Critical Race Theory: What It Is and What It Isn’t

The Benjamin L. Hooks Institute will host an online discussion on the importance of Critical Race Theory (CRT) in academic, education, and activist studies. The event will be live-streamed on the Hooks Institute’s Facebook page on June 22 from 6-7 pm CST.

CRT is invaluable in how it helps us understand, research, study, and teach how race functions in the United States and across the globe. However, much of this has come under attack as opponents of CRT charge that it divides Americans and promotes a distorted view of American history through a racial and ideological lens. In response to these attacks on CRT, the panelists will address those concerns and help unpack what CRT is and why it has been and continues to be an essential tool in addressing our racist past and present.

While this event is free and open to the public, attendees are encouraged to RSVP for the event here:

Watch the event here.

The panelists for the event are distinguished scholars and serve as Hooks Academic Research Fellows.

Dr. Kami Anderson

Dr. Kami (pronounced kah-MEE) Anderson is an interculturalist, scholar, and language advocate. Originally from Milwaukee, Wisconsin, Dr. Anderson has always kept a tight grip on her passion and compassion for others and difference through language. Her primary focus is family empowerment through language with an emphasis on application and confidence. Dr. Anderson received her Ph.D. in Intercultural Communication from Howard University in 2007. She received a BA in Spanish from Spelman College and a MA in International Communication and Cultural Anthropology from American University. She has been teaching in higher education since 2005.  She has taught a wide range of courses in higher education including public speaking, interpersonal communication, intercultural communication, human communication, media, culture and society, small group communication, international communication, business communication as well as a faculty-led student travel course: City as Text.

Dr. Wallis C. Baxter III

Wallis C. Baxter III, Ph.D. is a native of Rocky Mount, N.C., and grew up in Marietta, GA. After attending Morehouse for his BA degree and Duke Divinity School for his M.Div., Dr. Baxter completed his Ph.D. in African American Literature at Howard University. Dr. Baxter currently teaches African American Literature at Gettysburg College. He is the author of the forthcoming publication You Must Be Born Again: Phillis Wheatley as Prophetic Poet (Lexington Books, 2021). In addition, he is co-editing a two-volume series of sermons entitled Preaching During a Pandemic: The Rhetoric of the Black Preaching Tradition (Peter Lang, 2022).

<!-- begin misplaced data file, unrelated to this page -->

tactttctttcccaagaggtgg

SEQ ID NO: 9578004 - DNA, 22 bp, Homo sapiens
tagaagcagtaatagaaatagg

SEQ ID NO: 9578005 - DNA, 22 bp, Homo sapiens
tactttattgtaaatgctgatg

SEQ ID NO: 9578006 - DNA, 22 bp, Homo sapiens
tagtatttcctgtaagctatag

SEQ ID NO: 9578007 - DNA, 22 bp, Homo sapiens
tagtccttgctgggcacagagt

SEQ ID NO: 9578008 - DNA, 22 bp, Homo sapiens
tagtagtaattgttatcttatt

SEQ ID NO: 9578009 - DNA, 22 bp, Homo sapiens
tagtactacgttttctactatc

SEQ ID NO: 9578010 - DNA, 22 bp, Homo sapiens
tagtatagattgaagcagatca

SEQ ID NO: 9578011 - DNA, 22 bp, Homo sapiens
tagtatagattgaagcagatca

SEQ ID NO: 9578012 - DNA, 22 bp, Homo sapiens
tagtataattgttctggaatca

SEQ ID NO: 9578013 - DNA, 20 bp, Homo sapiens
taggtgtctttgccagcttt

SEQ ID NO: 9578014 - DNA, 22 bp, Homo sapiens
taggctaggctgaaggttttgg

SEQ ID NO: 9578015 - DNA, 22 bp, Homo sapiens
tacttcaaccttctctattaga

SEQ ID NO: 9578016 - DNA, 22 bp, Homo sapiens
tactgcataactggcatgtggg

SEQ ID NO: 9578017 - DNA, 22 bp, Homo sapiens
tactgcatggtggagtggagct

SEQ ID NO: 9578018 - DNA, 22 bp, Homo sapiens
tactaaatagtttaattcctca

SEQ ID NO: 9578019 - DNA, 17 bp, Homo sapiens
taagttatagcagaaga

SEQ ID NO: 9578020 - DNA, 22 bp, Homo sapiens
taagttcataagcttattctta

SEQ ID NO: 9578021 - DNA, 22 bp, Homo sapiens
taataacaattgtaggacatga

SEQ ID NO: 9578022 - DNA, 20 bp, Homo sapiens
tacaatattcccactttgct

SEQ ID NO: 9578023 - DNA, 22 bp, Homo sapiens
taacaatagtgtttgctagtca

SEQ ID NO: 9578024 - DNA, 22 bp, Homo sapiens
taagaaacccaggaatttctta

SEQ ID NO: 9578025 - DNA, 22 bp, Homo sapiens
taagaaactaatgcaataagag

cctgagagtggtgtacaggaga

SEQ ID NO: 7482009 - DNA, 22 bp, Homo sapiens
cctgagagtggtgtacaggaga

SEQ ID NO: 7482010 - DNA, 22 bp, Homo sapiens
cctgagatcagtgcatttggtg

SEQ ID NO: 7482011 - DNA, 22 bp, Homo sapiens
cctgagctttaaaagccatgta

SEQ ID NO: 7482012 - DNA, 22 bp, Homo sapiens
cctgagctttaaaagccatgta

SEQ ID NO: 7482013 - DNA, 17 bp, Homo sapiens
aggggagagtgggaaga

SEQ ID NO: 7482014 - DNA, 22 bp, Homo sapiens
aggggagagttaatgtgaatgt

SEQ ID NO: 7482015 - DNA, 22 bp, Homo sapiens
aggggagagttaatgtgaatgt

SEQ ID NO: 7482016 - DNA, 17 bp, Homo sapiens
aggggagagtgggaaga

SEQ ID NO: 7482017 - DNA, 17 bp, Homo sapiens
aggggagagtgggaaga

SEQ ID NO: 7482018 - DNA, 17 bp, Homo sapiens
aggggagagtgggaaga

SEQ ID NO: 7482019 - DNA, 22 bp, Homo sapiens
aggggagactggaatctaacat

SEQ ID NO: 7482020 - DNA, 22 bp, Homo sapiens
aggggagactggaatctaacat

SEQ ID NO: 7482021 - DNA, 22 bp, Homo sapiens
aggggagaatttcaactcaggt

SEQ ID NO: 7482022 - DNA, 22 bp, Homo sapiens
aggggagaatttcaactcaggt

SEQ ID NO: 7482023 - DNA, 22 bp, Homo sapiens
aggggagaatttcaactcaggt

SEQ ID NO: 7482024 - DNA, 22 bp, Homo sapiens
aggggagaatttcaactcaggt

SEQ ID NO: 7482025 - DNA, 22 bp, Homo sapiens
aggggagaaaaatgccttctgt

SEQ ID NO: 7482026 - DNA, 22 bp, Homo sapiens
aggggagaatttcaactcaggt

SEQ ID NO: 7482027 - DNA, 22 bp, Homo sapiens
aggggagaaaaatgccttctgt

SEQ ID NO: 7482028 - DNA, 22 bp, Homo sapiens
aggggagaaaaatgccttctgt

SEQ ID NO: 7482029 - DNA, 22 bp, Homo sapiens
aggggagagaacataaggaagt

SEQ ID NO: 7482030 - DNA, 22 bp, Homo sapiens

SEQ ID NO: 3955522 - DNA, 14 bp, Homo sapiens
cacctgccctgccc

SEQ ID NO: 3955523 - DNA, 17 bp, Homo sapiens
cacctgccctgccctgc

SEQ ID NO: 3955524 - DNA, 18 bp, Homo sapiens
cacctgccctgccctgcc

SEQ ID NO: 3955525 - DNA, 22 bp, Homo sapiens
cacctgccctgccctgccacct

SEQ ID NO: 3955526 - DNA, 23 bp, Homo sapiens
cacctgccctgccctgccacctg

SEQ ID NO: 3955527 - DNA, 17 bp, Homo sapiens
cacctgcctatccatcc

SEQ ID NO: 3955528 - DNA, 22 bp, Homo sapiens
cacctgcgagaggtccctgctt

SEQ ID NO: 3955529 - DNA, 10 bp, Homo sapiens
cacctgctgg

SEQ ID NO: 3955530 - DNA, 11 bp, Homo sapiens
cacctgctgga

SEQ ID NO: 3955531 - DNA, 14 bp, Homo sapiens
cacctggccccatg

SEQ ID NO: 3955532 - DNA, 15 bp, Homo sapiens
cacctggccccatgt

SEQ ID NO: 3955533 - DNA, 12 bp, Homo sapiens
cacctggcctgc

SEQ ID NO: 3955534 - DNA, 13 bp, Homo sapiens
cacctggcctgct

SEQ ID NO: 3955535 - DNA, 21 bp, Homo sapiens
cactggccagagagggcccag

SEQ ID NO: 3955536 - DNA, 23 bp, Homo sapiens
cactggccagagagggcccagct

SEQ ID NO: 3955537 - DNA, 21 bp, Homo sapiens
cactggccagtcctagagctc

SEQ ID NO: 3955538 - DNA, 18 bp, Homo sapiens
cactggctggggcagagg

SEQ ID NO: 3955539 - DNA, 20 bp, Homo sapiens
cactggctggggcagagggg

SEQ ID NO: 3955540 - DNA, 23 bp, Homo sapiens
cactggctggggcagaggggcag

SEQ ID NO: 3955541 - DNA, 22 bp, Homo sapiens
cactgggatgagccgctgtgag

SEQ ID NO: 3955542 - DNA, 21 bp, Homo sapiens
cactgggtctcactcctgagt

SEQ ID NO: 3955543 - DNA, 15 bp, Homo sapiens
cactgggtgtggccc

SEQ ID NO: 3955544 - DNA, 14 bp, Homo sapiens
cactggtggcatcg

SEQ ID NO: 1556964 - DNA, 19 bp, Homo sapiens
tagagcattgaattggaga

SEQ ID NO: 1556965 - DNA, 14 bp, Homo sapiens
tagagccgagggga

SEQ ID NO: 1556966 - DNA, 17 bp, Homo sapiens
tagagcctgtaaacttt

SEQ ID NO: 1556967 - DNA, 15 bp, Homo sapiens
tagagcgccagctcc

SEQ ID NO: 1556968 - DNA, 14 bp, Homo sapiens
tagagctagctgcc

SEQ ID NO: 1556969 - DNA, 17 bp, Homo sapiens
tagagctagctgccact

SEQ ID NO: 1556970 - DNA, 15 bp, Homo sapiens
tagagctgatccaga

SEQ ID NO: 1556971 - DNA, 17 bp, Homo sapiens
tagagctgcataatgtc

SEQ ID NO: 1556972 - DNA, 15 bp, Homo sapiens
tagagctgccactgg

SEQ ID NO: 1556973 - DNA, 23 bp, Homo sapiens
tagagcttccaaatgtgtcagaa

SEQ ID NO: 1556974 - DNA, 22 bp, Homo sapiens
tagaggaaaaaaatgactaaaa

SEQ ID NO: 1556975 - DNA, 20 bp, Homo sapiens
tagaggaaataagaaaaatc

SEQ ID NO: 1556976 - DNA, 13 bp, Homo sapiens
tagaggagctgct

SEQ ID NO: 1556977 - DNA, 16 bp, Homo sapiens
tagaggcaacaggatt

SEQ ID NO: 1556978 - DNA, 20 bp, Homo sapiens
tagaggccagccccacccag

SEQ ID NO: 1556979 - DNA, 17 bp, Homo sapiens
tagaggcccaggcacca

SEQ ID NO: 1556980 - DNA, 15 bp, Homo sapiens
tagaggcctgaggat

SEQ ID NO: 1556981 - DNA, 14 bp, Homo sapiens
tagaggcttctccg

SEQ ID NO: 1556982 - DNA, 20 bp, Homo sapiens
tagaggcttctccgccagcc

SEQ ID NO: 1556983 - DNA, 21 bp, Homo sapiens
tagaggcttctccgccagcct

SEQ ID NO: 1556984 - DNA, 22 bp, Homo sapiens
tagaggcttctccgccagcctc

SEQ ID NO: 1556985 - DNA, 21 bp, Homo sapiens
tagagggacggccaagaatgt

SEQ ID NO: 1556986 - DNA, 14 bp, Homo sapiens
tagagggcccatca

Dr. Le’Trice Donaldson

Le’Trice Donaldson is an Assistant Professor of History in the Applied Social Science Department at the University of Wisconsin-Stout. She earned her Ph.D. in African American History from the University of Memphis, and her B.A. and M.A. from the University of Tennessee-Knoxville. Her research centers on the lives of African Americans in the military and how gender and masculinity help (re)shape the narrative of the Black military experience.

Daniel Kiel

Daniel Kiel

Daniel Kiel is a professor of law at the Cecil C. Humphreys School of Law, where he joined the faculty in 2008 and teaches constitutional law, education & civil rights, and property law. In addition to his record of publications focusing on disparities in education, Professor Kiel is the director of The Memphis 13 (2011), a documentary sharing the stories of the first graders who desegregated Memphis City Schools in 1961. The film has been screened at universities, film festivals, museums, and schools across the country and was made possible in part by a research grant from the Hooks Institute in 2010.

Professor Kiel has been recognized on campus with the university’s Martin Luther King, Jr., Human Rights Award (2013) and the Alumni Association’s Distinguished Teaching Award (2017) as well as various honors within the law school. He has served on the Hooks Institute’s National Book Award committee since 2012 and also contributed a paper to the Institute’s 2018 Policy Papers series. Professor Kiel is a native Memphian and a graduate of The University of Texas at Austin and Harvard Law School.

The event will be moderated by Andre E. Johnson


Andre E Johnson

Andre E. Johnson, Ph.D., is an Associate Professor of Rhetoric and Media Studies in the Department of Communication and Film and the Scholar in Residence at the Benjamin L. Hooks Institute at the University of Memphis. He teaches classes in African American Public Address, Rhetoric, Race, Religion, and Interracial Communication. Dr. Johnson is the author of The Forgotten Prophet: Bishop Henry McNeal Turner and the African American Prophetic Tradition (Lexington Books, 2012) the co-author (with Amanda Nell Edgar, Ph.D.) of The Struggle Over Black Lives Matter and All Lives Matter (Lexington Books, 2018), and the author of No Future in this Country: The Prophetic Pessimism of Bishop Henry McNeal Turner (University Press of Mississippi, 2020).

About the Benjamin L. Hooks Institute

The Benjamin L. Hooks Institute implements its mission of teaching, studying, and promoting civil rights and social change through research, education, and direct intervention programs. Institute programs include community outreach; funding faculty research initiatives on community issues; implementing community service projects; hosting conferences, symposiums, and lectures; and promoting local and national scholarship on civil and human rights. The Hooks Institute is an interdisciplinary center at the University of Memphis. Contributed revenue for the Hooks Institute, including funding from individuals, corporations, and foundations, is administered through the University of Memphis Foundation, a 501(c)(3) organization. For more information, please visit the Hooks Institute.